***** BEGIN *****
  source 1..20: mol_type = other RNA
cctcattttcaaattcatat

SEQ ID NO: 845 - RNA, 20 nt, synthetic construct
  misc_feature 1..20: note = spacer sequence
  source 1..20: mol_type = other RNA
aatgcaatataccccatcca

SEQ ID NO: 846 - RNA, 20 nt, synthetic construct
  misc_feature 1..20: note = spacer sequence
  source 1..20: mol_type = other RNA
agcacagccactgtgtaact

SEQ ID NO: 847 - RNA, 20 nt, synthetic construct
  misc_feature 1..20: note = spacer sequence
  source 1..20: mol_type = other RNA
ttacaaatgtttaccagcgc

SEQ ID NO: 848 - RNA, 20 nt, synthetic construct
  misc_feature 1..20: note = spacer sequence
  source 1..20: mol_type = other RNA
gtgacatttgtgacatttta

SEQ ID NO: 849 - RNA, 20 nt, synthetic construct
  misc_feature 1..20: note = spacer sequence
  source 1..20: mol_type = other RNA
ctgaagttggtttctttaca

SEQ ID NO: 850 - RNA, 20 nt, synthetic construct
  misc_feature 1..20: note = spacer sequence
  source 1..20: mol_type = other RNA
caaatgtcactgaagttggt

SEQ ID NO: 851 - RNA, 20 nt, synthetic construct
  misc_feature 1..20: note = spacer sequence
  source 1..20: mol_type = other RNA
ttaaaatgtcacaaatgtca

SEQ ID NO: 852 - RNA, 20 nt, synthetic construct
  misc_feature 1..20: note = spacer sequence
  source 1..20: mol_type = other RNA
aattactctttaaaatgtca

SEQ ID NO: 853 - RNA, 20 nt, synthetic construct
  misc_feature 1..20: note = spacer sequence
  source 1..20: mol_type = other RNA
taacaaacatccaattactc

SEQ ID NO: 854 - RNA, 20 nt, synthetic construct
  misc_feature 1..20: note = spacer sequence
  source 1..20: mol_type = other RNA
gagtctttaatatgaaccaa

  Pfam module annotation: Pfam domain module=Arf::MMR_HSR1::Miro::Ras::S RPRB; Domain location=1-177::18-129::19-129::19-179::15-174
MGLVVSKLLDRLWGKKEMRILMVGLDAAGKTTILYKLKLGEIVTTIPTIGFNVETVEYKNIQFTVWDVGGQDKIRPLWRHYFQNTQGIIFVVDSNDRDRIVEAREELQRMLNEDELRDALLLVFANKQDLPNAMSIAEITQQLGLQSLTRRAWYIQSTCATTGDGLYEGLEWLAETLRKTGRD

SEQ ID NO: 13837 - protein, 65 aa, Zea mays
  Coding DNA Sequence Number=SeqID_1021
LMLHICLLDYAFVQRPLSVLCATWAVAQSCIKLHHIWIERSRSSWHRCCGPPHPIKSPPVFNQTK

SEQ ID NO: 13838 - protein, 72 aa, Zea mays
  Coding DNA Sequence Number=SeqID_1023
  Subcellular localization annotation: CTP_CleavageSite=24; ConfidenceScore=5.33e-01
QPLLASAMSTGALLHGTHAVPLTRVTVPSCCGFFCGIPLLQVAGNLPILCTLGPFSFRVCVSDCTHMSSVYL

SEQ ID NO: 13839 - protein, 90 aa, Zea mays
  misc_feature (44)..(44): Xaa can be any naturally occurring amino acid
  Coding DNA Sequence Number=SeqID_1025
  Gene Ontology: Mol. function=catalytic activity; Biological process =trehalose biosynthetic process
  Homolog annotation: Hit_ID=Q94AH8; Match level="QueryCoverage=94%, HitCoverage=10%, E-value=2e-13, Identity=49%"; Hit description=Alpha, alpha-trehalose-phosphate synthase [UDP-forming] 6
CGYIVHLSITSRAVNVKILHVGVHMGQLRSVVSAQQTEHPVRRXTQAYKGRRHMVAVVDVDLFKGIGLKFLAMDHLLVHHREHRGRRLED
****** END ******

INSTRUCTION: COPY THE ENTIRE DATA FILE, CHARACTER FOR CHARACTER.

  source 1..20: mol_type = other RNA
cctcattttcaaattcatat

SEQ ID NO: 845 - RNA, 20 nt, synthetic construct
  misc_feature 1..20: note = spacer sequence
  source 1..20: mol_type = other RNA
aatgcaatataccccatcca

SEQ ID NO: 846 - RNA, 20 nt, synthetic construct
  misc_feature 1..20: note = spacer sequence
  source 1..20: mol_type = other RNA
agcacagccactgtgtaact

SEQ ID NO: 847 - RNA, 20 nt, synthetic construct
  misc_feature 1..20: note = spacer sequence
  source 1..20: mol_type = other RNA
ttacaaatgtttaccagcgc

SEQ ID NO: 848 - RNA, 20 nt, synthetic construct
  misc_feature 1..20: note = spacer sequence
  source 1..20: mol_type = other RNA
gtgacatttgtgacatttta

SEQ ID NO: 849 - RNA, 20 nt, synthetic construct
  misc_feature 1..20: note = spacer sequence
  source 1..20: mol_type = other RNA
ctgaagttggtttctttaca

SEQ ID NO: 850 - RNA, 20 nt, synthetic construct
  misc_feature 1..20: note = spacer sequence
  source 1..20: mol_type = other RNA
caaatgtcactgaagttggt

SEQ ID NO: 851 - RNA, 20 nt, synthetic construct
  misc_feature 1..20: note = spacer sequence
  source 1..20: mol_type = other RNA
ttaaaatgtcacaaatgtca

SEQ ID NO: 852 - RNA, 20 nt, synthetic construct
  misc_feature 1..20: note = spacer sequence
  source 1..20: mol_type = other RNA
aattactctttaaaatgtca

SEQ ID NO: 853 - RNA, 20 nt, synthetic construct
  misc_feature 1..20: note = spacer sequence
  source 1..20: mol_type = other RNA
taacaaacatccaattactc

SEQ ID NO: 854 - RNA, 20 nt, synthetic construct
  misc_feature 1..20: note = spacer sequence
  source 1..20: mol_type = other RNA
gagtctttaatatgaaccaa

  Pfam module annotation: Pfam domain module=Arf::MMR_HSR1::Miro::Ras::S RPRB; Domain location=1-177::18-129::19-129::19-179::15-174
MGLVVSKLLDRLWGKKEMRILMVGLDAAGKTTILYKLKLGEIVTTIPTIGFNVETVEYKNIQFTVWDVGGQDKIRPLWRHYFQNTQGIIFVVDSNDRDRIVEAREELQRMLNEDELRDALLLVFANKQDLPNAMSIAEITQQLGLQSLTRRAWYIQSTCATTGDGLYEGLEWLAETLRKTGRD

SEQ ID NO: 13837 - protein, 65 aa, Zea mays
  Coding DNA Sequence Number=SeqID_1021
LMLHICLLDYAFVQRPLSVLCATWAVAQSCIKLHHIWIERSRSSWHRCCGPPHPIKSPPVFNQTK

SEQ ID NO: 13838 - protein, 72 aa, Zea mays
  Coding DNA Sequence Number=SeqID_1023
  Subcellular localization annotation: CTP_CleavageSite=24; ConfidenceScore=5.33e-01
QPLLASAMSTGALLHGTHAVPLTRVTVPSCCGFFCGIPLLQVAGNLPILCTLGPFSFRVCVSDCTHMSSVYL

SEQ ID NO: 13839 - protein, 90 aa, Zea mays
  misc_feature (44)..(44): Xaa can be any naturally occurring amino acid
  Coding DNA Sequence Number=SeqID_1025
  Gene Ontology: Mol. function=catalytic activity; Biological process =trehalose biosynthetic process
  Homolog annotation: Hit_ID=Q94AH8; Match level="QueryCoverage=94%, HitCoverage=10%, E-value=2e-13, Identity=49%"; Hit description=Alpha, alpha-trehalose-phosphate synthase [UDP-forming] 6
CGYIVHLSITSRAVNVKILHVGVHMGQLRSVVSAQQTEHPVRRXTQAYKGRRHMVAVVDVDLFKGIGLKFLAMDHLLVHHREHRGRRLED